Born in Italy in 1989 Giacomo Felace is a Creative Director & Strategist specialises in branding and visual identity. Currently based in Canggu-Bali, working at Boutique Bars group.
Info, Journal, Radio, Instagram

︎    Above the Influence

Written by Giacomo Felace

          Over the past 15 years, there has been a noticeable change in many aspects of our lives. It has to do with the sophistication of work, sport, products and aesthetics.

It’s hard to describe exactly what culture and counterculture really mean today. In an era more deeply organized by big tech than by our own elected governments, the new culture to counter or imitate is not singular or top-down.

It’s like a root system, not binary, and includes everyone who lives within the digital ecosystem. It’s easier to bring some of these changes through a few examples.

Let’s start with professional sports. Here we can see some of the details of today's culture.

︎ NBA

The game has shifted to 3-point shooters and players who drive to the basket for close shots. How did this happen? Almost every team now has an NBA analytics department. Data is collected using cameras that record every movement of both the ball and players. 

Essentially, data showed that the reward of taking a three-point shot outweighed the risk. On average, teams that take more three-point shots ultimately score more points over the course of a game.

Teams also analyze large data sets on defenders for other teams. They determine where they had the most and least amount of success against various offensive attacks, such as long range shots, midrange jumpers and driving the lane to the basket. Teams then take that information to isolate a player who is good in one area against a defender who isn’t. The flipside is true, as well. Teams attempt to get their defenders on a specific player, particularly in critical situations, if that defender has a statistically better chance of preventing a score.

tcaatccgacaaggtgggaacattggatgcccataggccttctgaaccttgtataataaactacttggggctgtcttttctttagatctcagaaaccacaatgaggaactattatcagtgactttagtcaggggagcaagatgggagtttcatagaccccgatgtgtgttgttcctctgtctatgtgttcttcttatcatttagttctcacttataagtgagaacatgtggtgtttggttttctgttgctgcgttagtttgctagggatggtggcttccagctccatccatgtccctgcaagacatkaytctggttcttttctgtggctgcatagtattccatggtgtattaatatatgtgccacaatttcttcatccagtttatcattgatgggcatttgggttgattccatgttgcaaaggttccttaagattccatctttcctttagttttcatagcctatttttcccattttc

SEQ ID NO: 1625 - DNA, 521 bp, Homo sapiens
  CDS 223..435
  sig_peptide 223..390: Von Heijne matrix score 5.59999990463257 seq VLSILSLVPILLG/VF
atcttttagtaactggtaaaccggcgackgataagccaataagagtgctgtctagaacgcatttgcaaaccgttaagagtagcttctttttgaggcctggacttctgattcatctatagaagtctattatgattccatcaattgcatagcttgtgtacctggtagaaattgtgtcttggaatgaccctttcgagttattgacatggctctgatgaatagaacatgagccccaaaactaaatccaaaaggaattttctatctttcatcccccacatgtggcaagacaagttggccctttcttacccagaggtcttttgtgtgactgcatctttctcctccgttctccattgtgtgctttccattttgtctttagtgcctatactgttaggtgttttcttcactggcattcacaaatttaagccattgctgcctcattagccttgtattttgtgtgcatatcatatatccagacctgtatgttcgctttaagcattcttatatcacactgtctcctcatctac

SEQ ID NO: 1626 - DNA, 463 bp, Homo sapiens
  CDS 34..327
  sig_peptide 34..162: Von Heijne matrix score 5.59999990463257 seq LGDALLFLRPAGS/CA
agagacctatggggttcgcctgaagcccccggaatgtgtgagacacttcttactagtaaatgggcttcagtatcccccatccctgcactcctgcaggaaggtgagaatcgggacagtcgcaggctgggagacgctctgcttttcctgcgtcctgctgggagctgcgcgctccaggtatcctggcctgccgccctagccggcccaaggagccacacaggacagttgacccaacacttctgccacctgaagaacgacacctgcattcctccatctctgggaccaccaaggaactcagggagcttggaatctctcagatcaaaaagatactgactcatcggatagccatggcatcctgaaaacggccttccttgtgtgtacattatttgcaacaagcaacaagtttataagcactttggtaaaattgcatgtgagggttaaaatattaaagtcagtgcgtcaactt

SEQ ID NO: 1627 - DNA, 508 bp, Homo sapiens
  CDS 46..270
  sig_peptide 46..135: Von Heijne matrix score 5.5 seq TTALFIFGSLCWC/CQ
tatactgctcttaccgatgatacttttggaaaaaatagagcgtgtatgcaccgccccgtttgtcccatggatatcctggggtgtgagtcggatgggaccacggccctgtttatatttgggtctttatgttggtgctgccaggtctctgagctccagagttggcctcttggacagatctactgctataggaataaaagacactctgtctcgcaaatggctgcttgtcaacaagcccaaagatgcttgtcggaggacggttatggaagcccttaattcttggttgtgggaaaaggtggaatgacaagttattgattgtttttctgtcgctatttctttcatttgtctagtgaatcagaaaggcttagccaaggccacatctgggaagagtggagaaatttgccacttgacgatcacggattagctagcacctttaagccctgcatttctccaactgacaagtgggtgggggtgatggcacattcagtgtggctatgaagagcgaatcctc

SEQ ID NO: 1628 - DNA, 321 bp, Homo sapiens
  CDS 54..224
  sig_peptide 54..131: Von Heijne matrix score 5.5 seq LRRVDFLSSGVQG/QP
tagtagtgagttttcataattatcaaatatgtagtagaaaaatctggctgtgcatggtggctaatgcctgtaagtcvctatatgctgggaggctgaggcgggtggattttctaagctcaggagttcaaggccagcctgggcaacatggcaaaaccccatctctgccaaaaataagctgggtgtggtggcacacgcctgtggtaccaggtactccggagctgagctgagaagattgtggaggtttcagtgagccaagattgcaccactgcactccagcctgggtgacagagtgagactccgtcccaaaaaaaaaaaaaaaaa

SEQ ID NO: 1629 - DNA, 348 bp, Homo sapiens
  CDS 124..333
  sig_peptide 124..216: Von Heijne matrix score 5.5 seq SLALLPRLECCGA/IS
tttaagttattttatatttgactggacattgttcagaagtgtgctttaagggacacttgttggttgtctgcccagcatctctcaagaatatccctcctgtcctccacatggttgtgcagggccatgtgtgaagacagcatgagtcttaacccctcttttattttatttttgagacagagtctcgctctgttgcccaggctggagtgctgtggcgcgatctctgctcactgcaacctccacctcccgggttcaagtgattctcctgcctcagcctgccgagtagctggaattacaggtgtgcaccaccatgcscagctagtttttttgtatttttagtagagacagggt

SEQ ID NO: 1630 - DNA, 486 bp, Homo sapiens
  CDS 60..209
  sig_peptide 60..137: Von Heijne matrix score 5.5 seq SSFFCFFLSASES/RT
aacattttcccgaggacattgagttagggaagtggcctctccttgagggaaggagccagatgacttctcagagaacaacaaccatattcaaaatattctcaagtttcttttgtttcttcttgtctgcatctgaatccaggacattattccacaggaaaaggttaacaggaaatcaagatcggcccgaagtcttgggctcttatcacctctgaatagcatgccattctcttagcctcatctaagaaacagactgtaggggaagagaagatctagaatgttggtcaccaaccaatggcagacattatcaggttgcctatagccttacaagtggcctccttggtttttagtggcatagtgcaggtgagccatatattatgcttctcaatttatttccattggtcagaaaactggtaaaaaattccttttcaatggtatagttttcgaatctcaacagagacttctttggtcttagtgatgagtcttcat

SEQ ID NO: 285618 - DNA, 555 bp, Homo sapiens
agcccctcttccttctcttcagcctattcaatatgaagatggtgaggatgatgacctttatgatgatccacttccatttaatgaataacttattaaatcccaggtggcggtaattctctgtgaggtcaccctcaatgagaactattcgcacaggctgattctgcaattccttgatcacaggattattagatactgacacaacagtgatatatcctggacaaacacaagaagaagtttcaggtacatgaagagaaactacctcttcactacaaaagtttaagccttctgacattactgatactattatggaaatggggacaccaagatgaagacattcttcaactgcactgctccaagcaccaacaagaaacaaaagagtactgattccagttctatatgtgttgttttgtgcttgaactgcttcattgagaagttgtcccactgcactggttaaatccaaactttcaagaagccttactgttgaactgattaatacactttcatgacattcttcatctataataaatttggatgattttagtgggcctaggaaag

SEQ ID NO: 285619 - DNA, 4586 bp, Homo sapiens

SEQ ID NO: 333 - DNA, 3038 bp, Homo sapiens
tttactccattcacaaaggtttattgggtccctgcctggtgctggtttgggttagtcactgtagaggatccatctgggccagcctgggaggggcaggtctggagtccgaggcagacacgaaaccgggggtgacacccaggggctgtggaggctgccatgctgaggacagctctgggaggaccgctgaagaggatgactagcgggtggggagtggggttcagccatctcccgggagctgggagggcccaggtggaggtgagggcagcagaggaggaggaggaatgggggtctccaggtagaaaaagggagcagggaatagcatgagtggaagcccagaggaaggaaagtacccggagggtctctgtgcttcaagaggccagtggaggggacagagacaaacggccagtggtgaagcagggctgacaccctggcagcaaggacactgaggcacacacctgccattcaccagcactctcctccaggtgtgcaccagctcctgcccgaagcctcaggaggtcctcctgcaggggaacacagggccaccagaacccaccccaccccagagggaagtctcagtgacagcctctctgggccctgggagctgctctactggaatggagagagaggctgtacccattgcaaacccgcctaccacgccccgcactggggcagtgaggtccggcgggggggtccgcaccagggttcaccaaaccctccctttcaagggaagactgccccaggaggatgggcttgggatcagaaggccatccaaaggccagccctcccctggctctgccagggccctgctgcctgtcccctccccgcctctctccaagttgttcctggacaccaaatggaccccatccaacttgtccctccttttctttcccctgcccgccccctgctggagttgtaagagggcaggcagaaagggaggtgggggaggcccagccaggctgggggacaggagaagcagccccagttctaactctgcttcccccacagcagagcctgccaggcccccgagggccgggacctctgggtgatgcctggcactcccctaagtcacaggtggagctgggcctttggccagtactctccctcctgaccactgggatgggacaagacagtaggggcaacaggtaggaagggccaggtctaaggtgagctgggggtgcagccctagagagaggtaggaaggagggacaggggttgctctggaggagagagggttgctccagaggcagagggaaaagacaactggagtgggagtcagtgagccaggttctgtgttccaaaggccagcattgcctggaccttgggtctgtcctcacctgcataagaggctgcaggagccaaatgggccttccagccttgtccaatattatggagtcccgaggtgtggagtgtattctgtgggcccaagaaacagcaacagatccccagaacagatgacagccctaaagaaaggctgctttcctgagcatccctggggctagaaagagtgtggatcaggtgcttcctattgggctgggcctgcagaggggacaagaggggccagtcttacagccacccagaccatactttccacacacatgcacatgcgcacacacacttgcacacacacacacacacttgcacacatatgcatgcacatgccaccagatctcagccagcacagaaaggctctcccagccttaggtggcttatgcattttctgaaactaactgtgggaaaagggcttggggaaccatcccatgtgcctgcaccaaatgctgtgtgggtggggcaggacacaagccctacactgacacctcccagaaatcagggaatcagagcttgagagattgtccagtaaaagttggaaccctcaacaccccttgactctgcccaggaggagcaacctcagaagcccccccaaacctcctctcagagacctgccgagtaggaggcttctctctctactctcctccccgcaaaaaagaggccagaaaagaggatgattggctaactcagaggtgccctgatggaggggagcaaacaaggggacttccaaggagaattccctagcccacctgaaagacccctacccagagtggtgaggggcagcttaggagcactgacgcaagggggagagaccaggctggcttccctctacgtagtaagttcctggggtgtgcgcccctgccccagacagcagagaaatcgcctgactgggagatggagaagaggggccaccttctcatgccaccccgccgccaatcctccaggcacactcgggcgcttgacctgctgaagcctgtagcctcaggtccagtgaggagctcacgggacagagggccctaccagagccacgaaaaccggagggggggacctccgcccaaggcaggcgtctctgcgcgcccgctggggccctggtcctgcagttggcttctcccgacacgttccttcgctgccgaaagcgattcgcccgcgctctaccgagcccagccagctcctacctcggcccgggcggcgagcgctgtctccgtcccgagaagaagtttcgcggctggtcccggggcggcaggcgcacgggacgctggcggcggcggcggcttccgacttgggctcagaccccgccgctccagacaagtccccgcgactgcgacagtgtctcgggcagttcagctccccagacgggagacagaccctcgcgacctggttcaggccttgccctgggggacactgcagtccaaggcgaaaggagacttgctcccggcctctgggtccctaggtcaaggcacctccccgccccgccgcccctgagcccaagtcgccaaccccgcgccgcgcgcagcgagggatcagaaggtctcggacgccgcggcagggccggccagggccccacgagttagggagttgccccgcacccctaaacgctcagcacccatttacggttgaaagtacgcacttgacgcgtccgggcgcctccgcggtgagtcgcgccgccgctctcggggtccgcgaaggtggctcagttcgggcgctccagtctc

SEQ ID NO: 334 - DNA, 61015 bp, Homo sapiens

The total volume of shots out of the box continues to decline year over year in all major football leagues. Compared to 10 years ago, the conversion rate [goals scored] has doubled. The percentage of all shots from inside the box continues to increase. This is all due to football teams using data analytics to change the way they play. Short passes, high pressing, and lots of ball possession. This is all due to football teams using data analytics to change the way they play.

Today's game doesn't look like the game of 20 or 30 years ago. It may never return to that style. Barcelona, which has won everything in recent years, is a perfect example of this philosophy. Other teams have followed.


The data analytics along with technology has changed sports. But there is another element other than style of play or strategy. There is aesthetics in sports. Technology has improved, better selection of body types, genetics and mindset.

Sport jerseys follow trends as other products do and the fit is one of the things that has changed most visibly over the years. Each sporting era has its own style, its peculiarities and is a symbol of a defined aesthetic standard. The way to wear the jerseys very often depends on the trends that the players with the greatest aesthetic impact have in a given historical moment and consequently the brands that produce and launch sport uniforms on the market adapt to the stylistic demand of the market. From the 1980s to today, many stylistic eras can be identified which, especially in Western world where the shirt is considered a mystical object, have marked the aesthetic change. Modernity turned athletes into Roman gladiators or fake messiahs?